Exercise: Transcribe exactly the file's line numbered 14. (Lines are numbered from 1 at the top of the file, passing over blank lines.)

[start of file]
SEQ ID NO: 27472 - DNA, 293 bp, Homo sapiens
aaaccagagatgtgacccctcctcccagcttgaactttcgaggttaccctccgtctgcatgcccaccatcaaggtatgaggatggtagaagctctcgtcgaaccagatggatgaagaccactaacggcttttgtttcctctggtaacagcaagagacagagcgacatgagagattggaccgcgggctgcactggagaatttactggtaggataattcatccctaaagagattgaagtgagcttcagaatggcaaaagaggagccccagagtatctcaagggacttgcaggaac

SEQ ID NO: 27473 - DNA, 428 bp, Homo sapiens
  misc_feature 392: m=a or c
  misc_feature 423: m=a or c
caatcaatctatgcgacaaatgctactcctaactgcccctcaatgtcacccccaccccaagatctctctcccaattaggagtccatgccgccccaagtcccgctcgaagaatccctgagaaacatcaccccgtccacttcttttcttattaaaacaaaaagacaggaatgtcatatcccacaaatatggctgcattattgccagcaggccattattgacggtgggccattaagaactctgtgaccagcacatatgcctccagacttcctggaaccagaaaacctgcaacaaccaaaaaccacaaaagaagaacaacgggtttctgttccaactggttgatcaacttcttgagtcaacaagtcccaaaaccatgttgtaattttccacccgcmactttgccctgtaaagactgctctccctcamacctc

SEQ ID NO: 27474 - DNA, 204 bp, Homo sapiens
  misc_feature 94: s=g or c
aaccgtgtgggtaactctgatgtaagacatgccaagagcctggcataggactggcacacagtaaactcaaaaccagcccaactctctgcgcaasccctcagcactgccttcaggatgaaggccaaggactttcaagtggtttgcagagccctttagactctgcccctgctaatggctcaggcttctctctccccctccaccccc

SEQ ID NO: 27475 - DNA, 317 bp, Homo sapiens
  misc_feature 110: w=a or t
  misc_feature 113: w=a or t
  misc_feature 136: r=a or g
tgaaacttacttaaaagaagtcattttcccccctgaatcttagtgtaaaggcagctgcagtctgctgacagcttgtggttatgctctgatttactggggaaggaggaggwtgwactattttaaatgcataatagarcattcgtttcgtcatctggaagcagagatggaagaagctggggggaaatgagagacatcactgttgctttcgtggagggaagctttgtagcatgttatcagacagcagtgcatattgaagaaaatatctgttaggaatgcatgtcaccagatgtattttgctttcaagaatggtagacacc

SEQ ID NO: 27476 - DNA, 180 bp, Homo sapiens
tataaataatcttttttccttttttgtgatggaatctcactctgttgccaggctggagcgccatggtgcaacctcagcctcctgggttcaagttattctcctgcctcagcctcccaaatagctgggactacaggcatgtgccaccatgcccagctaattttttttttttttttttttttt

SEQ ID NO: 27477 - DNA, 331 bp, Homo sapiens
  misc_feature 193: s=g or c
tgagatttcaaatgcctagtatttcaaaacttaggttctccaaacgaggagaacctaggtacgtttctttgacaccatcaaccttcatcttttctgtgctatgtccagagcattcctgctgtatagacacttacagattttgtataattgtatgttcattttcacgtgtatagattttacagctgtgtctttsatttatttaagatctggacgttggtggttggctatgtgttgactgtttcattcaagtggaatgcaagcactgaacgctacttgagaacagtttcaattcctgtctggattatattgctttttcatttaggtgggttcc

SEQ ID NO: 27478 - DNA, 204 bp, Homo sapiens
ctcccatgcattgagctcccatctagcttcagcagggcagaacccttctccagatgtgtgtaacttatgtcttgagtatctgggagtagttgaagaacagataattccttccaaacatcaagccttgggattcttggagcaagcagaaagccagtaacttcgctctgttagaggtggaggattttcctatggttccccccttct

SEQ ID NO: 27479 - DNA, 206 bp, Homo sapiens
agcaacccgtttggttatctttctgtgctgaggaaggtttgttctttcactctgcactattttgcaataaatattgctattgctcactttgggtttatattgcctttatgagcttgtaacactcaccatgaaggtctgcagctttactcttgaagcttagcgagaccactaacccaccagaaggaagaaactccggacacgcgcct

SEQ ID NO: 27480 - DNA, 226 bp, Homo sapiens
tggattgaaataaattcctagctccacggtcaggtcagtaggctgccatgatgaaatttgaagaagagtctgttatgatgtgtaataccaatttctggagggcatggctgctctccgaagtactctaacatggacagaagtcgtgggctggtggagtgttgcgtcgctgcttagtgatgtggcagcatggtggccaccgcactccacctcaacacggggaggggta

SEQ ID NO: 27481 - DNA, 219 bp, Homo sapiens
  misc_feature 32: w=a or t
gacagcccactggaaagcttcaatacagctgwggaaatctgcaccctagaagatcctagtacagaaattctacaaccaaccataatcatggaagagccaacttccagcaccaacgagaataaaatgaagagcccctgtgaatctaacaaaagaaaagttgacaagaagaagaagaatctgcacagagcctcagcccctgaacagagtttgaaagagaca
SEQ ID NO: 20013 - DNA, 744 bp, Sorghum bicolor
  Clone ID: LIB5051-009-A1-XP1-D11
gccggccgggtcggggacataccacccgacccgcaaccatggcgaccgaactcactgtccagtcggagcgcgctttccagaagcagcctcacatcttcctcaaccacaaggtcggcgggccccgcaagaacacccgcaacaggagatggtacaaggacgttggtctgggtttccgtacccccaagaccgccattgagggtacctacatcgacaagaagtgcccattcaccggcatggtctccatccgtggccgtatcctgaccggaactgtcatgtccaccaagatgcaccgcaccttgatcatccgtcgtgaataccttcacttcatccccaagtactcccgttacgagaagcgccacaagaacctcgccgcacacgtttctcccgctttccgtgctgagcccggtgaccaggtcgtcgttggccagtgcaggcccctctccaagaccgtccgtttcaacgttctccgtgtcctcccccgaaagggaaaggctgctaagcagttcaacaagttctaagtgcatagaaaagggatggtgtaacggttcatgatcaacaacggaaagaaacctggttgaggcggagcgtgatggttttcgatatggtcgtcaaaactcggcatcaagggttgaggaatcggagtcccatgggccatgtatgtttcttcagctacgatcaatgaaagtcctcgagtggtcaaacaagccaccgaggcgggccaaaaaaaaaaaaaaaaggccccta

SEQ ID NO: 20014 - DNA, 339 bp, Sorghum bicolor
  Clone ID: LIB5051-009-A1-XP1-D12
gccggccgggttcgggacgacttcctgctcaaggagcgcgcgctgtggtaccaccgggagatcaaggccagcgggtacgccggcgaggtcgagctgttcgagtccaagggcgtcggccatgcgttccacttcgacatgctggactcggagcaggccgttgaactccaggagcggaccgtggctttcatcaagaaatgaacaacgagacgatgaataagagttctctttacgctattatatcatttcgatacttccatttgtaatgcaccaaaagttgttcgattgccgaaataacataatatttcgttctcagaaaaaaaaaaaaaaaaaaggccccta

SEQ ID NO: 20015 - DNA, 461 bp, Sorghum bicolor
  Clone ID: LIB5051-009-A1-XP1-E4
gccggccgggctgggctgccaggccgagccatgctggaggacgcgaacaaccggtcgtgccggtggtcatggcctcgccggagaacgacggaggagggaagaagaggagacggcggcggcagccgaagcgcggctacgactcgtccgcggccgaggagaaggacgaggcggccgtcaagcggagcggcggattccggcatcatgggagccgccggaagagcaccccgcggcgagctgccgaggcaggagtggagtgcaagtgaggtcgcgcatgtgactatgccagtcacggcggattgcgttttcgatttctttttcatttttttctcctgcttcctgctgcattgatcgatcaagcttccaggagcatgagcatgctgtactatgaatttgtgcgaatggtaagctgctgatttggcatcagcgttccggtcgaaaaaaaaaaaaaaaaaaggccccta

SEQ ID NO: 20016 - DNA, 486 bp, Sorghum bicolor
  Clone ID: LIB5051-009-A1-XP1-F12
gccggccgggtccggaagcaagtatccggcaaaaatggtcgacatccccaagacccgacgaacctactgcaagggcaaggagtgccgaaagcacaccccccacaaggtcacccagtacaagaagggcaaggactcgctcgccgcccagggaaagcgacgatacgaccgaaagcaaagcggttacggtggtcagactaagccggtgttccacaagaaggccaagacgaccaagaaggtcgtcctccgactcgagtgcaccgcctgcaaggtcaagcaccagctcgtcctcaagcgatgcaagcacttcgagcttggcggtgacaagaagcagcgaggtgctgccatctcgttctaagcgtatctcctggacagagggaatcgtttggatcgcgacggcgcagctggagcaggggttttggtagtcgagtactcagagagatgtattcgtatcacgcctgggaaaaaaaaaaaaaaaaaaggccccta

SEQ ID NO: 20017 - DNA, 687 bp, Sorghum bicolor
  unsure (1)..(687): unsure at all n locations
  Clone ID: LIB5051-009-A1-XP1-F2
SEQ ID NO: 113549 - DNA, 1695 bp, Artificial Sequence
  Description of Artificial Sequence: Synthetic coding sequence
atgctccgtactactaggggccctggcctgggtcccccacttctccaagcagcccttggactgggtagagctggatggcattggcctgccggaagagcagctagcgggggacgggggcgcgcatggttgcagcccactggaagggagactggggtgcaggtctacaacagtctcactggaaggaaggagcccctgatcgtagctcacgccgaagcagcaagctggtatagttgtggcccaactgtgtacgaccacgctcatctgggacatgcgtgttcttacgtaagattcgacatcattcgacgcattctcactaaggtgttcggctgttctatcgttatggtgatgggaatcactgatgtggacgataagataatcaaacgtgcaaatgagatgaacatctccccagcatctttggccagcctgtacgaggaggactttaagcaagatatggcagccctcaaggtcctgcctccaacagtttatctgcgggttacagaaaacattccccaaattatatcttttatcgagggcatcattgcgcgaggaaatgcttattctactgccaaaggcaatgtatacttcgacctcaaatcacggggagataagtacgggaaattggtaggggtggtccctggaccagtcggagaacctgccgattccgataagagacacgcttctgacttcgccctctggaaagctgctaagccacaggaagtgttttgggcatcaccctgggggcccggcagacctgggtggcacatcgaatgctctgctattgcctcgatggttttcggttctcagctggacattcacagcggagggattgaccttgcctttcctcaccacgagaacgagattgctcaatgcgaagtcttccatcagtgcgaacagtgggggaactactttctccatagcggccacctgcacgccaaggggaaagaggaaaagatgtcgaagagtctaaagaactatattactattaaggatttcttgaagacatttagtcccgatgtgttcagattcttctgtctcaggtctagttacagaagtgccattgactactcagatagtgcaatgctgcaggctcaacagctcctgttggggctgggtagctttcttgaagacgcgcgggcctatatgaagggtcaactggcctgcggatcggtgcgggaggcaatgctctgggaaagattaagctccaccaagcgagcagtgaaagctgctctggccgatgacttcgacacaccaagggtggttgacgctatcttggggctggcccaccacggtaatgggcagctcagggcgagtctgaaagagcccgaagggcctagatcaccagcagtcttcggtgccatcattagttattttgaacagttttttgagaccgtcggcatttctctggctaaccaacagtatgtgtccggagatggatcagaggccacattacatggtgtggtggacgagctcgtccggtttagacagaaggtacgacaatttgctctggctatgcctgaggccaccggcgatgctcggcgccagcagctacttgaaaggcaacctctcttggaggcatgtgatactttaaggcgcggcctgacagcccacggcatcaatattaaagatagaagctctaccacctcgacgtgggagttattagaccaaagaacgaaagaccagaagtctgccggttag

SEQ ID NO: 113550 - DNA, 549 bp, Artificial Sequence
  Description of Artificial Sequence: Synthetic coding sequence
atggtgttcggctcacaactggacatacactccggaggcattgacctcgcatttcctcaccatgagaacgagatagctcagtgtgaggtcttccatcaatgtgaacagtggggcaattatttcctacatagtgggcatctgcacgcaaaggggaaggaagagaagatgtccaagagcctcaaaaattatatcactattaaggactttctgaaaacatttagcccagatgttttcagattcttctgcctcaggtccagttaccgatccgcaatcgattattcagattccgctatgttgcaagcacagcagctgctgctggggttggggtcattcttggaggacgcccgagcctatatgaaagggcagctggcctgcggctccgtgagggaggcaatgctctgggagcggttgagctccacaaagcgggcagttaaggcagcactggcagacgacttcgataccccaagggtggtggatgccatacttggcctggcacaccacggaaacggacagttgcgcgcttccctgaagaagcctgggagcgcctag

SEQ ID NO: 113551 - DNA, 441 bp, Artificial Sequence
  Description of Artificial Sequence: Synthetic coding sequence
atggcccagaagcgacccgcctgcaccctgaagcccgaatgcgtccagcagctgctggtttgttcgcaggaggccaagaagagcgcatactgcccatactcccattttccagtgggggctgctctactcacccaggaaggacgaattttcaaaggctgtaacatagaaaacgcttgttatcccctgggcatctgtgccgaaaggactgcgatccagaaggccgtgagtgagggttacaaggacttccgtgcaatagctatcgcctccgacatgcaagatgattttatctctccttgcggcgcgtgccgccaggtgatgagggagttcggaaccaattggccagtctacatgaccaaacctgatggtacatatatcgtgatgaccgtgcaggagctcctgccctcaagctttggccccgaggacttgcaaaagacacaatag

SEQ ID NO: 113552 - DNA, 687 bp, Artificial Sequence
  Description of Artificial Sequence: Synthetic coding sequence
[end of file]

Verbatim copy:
tgaaacttacttaaaagaagtcattttcccccctgaatcttagtgtaaaggcagctgcagtctgctgacagcttgtggttatgctctgatttactggggaaggaggaggwtgwactattttaaatgcataatagarcattcgtttcgtcatctggaagcagagatggaagaagctggggggaaatgagagacatcactgttgctttcgtggagggaagctttgtagcatgttatcagacagcagtgcatattgaagaaaatatctgttaggaatgcatgtcaccagatgtattttgctttcaagaatggtagacacc